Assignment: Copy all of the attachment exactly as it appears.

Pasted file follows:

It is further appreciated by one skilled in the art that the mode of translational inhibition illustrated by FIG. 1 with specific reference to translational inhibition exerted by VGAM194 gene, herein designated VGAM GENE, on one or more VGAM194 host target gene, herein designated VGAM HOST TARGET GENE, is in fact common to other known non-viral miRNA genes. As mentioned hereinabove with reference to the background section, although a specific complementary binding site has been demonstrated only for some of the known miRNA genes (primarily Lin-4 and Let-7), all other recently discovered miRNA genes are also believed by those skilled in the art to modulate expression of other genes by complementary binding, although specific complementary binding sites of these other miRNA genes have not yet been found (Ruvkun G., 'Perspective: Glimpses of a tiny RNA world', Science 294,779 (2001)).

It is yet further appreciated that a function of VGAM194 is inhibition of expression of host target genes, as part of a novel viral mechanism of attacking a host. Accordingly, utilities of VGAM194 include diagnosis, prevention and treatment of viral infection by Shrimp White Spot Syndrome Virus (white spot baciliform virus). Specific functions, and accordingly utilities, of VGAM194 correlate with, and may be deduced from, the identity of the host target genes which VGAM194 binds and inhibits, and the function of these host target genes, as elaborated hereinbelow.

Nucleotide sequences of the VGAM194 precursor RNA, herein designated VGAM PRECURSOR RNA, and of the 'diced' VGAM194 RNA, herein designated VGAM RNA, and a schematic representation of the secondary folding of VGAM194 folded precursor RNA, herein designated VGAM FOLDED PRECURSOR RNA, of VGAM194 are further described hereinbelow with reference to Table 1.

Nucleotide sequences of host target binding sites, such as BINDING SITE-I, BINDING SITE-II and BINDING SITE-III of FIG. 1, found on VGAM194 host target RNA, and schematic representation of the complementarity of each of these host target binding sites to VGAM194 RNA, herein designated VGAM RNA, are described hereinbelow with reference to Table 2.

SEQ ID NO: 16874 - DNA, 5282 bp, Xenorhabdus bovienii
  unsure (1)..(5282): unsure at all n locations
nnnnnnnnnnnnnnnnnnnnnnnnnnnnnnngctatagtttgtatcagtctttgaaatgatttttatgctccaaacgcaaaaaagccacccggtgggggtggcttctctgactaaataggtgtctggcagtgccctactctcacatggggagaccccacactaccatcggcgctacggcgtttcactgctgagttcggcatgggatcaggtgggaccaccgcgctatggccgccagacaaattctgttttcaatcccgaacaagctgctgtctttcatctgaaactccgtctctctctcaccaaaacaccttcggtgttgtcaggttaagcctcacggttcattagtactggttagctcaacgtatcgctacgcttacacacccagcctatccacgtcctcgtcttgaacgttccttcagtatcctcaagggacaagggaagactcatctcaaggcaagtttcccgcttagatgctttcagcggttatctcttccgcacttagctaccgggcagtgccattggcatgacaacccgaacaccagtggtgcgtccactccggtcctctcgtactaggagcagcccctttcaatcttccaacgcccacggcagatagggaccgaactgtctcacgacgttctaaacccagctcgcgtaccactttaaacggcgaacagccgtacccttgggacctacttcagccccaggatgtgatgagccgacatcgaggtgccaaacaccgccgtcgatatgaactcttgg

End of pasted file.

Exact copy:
It is further appreciated by one skilled in the art that the mode of translational inhibition illustrated by FIG. 1 with specific reference to translational inhibition exerted by VGAM194 gene, herein designated VGAM GENE, on one or more VGAM194 host target gene, herein designated VGAM HOST TARGET GENE, is in fact common to other known non-viral miRNA genes. As mentioned hereinabove with reference to the background section, although a specific complementary binding site has been demonstrated only for some of the known miRNA genes (primarily Lin-4 and Let-7), all other recently discovered miRNA genes are also believed by those skilled in the art to modulate expression of other genes by complementary binding, although specific complementary binding sites of these other miRNA genes have not yet been found (Ruvkun G., 'Perspective: Glimpses of a tiny RNA world', Science 294,779 (2001)).

It is yet further appreciated that a function of VGAM194 is inhibition of expression of host target genes, as part of a novel viral mechanism of attacking a host. Accordingly, utilities of VGAM194 include diagnosis, prevention and treatment of viral infection by Shrimp White Spot Syndrome Virus (white spot baciliform virus). Specific functions, and accordingly utilities, of VGAM194 correlate with, and may be deduced from, the identity of the host target genes which VGAM194 binds and inhibits, and the function of these host target genes, as elaborated hereinbelow.

Nucleotide sequences of the VGAM194 precursor RNA, herein designated VGAM PRECURSOR RNA, and of the 'diced' VGAM194 RNA, herein designated VGAM RNA, and a schematic representation of the secondary folding of VGAM194 folded precursor RNA, herein designated VGAM FOLDED PRECURSOR RNA, of VGAM194 are further described hereinbelow with reference to Table 1.

Nucleotide sequences of host target binding sites, such as BINDING SITE-I, BINDING SITE-II and BINDING SITE-III of FIG. 1, found on VGAM194 host target RNA, and schematic representation of the complementarity of each of these host target binding sites to VGAM194 RNA, herein designated VGAM RNA, are described hereinbelow with reference to Table 2.

SEQ ID NO: 16874 - DNA, 5282 bp, Xenorhabdus bovienii
  unsure (1)..(5282): unsure at all n locations
nnnnnnnnnnnnnnnnnnnnnnnnnnnnnnngctatagtttgtatcagtctttgaaatgatttttatgctccaaacgcaaaaaagccacccggtgggggtggcttctctgactaaataggtgtctggcagtgccctactctcacatggggagaccccacactaccatcggcgctacggcgtttcactgctgagttcggcatgggatcaggtgggaccaccgcgctatggccgccagacaaattctgttttcaatcccgaacaagctgctgtctttcatctgaaactccgtctctctctcaccaaaacaccttcggtgttgtcaggttaagcctcacggttcattagtactggttagctcaacgtatcgctacgcttacacacccagcctatccacgtcctcgtcttgaacgttccttcagtatcctcaagggacaagggaagactcatctcaaggcaagtttcccgcttagatgctttcagcggttatctcttccgcacttagctaccgggcagtgccattggcatgacaacccgaacaccagtggtgcgtccactccggtcctctcgtactaggagcagcccctttcaatcttccaacgcccacggcagatagggaccgaactgtctcacgacgttctaaacccagctcgcgtaccactttaaacggcgaacagccgtacccttgggacctacttcagccccaggatgtgatgagccgacatcgaggtgccaaacaccgccgtcgatatgaactcttgg